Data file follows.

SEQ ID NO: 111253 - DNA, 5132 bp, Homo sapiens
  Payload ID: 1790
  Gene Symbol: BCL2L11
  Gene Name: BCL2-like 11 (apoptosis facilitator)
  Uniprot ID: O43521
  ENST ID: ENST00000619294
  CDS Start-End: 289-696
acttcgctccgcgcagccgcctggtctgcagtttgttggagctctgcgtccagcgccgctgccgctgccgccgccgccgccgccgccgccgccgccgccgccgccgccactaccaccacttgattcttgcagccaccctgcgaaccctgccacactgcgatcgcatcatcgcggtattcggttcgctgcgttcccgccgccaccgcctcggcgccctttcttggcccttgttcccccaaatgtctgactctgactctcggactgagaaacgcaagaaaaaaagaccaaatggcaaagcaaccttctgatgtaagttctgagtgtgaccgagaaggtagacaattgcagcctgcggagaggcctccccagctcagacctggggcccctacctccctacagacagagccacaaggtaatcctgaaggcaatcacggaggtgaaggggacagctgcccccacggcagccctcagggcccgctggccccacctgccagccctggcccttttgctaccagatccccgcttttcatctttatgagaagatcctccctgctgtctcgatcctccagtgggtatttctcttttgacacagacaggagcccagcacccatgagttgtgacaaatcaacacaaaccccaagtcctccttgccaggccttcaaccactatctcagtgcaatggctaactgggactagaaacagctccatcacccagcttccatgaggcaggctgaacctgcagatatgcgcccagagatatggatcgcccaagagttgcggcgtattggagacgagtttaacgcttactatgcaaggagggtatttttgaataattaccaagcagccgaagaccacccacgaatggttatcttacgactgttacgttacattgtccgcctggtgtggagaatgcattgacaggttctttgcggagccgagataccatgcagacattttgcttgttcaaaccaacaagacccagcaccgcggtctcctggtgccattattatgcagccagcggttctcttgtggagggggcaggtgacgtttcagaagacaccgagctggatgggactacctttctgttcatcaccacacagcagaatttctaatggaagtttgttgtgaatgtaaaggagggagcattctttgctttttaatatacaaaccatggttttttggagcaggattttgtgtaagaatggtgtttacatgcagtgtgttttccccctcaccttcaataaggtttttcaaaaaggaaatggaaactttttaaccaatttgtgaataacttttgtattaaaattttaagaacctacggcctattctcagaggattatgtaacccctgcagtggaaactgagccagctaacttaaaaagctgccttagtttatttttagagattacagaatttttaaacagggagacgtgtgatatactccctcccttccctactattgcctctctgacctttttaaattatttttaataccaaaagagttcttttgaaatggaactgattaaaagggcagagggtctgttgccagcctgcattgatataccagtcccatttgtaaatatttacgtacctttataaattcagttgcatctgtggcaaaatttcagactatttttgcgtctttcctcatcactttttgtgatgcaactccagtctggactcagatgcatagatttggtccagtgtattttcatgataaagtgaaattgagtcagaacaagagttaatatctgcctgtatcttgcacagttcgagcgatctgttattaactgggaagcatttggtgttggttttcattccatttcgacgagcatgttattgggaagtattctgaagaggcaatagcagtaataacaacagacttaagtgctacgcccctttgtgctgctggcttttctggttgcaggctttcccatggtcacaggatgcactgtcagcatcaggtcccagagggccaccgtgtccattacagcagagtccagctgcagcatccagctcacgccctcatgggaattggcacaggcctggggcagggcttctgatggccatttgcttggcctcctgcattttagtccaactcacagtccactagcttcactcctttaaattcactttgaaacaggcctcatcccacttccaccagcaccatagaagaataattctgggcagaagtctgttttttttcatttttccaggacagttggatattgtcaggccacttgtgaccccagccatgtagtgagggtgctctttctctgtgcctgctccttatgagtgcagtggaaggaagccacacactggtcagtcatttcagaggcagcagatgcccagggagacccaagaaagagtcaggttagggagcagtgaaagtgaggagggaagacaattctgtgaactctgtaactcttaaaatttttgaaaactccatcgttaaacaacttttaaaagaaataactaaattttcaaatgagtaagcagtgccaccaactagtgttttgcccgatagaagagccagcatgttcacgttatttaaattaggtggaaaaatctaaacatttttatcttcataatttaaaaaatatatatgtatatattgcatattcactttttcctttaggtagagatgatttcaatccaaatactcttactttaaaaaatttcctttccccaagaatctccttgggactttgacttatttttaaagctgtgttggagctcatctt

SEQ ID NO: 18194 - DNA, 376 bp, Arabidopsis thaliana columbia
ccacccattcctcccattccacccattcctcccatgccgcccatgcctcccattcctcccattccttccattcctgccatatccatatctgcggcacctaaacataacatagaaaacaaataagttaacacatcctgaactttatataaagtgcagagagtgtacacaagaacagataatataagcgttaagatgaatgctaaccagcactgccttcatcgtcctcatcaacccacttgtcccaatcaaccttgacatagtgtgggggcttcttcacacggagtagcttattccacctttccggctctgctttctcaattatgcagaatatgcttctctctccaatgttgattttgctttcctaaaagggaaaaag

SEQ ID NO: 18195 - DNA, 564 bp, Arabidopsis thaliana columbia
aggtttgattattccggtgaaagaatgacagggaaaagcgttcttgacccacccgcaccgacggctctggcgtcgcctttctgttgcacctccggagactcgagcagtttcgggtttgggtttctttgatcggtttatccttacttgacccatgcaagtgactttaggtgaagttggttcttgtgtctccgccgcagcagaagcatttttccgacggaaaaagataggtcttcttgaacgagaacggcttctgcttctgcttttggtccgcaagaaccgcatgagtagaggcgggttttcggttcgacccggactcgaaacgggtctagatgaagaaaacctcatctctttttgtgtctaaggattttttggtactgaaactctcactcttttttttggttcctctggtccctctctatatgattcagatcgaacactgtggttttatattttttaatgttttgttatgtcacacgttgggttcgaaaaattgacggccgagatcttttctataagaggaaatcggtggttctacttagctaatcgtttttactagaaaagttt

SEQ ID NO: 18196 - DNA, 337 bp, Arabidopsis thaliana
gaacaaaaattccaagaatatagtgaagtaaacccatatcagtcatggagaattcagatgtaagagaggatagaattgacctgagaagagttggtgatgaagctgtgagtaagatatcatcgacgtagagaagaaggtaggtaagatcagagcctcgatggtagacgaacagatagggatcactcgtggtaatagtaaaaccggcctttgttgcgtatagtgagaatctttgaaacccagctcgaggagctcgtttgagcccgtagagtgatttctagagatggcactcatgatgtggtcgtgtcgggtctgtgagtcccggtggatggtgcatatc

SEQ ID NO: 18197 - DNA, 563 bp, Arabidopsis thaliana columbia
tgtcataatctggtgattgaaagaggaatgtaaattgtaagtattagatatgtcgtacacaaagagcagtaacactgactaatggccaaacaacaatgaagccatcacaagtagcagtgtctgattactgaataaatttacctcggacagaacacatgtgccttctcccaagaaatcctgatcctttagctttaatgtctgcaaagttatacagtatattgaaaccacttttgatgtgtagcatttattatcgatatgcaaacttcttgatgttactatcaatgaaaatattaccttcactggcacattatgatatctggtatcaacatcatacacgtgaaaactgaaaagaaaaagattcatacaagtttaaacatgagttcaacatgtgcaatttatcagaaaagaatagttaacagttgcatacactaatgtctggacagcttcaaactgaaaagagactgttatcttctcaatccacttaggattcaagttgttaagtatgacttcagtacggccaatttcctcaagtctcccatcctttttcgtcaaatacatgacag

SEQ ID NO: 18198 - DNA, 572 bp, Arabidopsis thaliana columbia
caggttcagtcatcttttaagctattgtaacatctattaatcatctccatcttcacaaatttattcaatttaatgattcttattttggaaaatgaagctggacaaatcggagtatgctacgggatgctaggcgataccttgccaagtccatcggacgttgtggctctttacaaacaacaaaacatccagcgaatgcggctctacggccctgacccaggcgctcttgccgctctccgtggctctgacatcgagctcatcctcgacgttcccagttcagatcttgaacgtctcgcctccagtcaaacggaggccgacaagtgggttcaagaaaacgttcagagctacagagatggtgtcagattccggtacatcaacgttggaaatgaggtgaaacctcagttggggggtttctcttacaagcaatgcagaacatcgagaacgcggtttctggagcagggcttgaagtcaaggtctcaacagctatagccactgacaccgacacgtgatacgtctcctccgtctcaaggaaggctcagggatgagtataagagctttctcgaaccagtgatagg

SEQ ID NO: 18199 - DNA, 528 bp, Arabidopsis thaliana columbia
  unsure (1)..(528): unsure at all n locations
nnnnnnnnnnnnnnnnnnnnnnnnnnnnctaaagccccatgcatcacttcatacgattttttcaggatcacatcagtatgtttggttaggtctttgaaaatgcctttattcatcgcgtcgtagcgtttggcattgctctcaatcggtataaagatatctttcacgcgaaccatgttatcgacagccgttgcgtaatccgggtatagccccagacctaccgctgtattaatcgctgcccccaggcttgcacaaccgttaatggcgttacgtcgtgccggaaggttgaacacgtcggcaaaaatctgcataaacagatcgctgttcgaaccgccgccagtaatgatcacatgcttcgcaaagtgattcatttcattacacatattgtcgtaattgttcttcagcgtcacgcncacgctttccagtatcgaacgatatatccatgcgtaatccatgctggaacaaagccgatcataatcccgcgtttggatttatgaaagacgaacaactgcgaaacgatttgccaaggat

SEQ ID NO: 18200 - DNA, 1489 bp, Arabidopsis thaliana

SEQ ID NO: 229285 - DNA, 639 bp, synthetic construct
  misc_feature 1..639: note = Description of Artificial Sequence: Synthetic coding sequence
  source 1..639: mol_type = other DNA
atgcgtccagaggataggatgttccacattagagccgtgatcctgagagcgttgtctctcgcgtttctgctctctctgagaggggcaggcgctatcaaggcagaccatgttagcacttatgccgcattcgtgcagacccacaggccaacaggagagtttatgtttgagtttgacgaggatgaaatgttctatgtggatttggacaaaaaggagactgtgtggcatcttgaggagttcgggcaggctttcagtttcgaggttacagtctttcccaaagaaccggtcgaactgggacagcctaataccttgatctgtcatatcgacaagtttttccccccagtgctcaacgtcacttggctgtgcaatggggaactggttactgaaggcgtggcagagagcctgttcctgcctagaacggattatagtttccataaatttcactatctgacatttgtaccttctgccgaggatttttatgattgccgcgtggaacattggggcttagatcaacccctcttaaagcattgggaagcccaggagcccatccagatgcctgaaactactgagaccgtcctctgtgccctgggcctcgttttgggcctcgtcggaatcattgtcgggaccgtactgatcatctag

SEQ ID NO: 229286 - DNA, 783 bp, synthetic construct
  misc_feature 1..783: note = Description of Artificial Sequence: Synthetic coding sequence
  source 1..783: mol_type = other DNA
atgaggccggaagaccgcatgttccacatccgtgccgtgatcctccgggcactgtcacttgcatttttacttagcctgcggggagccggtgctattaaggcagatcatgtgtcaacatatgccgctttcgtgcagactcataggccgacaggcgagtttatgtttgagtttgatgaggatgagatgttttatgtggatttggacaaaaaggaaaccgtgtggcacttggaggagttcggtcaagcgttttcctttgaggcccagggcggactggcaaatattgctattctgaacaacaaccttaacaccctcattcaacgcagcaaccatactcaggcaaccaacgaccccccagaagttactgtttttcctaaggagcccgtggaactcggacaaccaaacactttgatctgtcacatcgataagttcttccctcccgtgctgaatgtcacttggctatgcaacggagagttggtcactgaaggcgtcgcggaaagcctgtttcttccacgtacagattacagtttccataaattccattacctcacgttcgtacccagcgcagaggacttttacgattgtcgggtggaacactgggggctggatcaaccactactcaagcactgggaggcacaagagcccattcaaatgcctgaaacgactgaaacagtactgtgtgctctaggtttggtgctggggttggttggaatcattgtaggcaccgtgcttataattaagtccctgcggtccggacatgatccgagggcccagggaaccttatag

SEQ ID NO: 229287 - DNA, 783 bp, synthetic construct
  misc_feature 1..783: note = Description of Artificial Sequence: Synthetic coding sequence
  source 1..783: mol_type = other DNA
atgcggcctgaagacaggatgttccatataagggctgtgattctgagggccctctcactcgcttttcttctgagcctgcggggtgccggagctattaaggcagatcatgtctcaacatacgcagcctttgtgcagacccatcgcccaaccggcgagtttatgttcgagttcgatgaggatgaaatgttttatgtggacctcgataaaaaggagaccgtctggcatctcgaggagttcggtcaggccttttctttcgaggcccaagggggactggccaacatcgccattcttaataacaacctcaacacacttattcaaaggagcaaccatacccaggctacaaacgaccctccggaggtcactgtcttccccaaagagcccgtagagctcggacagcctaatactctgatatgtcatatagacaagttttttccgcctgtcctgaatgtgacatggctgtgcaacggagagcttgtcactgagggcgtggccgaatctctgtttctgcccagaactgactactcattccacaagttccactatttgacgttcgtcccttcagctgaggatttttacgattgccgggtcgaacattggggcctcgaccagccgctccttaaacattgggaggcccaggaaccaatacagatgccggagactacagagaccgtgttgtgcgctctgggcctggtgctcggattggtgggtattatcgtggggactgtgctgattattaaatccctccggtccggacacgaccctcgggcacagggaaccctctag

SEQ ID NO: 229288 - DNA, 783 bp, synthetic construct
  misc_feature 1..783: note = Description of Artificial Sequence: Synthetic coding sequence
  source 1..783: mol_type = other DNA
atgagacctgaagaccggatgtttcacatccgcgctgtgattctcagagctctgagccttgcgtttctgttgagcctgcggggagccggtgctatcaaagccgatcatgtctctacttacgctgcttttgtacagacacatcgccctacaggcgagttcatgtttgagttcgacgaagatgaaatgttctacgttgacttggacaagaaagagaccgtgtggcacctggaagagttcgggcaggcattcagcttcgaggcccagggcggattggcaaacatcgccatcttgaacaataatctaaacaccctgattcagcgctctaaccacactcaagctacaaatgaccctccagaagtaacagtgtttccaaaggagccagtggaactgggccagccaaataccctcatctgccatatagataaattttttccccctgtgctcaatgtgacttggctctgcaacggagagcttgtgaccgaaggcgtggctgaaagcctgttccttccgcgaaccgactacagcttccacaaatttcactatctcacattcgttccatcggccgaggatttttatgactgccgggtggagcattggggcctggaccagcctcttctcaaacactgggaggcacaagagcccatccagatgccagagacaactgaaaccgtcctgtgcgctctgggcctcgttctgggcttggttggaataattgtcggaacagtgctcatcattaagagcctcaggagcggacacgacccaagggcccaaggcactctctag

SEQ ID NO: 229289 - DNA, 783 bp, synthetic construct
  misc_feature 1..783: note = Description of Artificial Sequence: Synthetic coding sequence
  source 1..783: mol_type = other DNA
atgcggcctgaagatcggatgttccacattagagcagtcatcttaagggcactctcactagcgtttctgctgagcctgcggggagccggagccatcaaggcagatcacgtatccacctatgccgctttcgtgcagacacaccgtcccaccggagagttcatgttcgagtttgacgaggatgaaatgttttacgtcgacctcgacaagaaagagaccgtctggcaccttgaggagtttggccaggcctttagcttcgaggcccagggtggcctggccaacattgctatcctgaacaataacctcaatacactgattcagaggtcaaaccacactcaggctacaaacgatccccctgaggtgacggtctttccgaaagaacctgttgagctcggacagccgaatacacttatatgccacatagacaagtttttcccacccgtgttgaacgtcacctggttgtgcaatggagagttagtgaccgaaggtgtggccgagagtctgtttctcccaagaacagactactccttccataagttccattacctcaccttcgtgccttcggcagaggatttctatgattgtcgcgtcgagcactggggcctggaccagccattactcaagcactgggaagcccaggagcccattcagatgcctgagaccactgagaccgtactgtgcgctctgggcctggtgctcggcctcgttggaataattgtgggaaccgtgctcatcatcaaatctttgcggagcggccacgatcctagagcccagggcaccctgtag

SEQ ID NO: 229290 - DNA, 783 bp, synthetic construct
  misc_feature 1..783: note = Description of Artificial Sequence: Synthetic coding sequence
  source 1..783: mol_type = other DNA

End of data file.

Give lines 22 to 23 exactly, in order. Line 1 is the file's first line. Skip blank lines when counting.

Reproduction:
SEQ ID NO: 18200 - DNA, 1489 bp, Arabidopsis thaliana

SEQ ID NO: 229285 - DNA, 639 bp, synthetic construct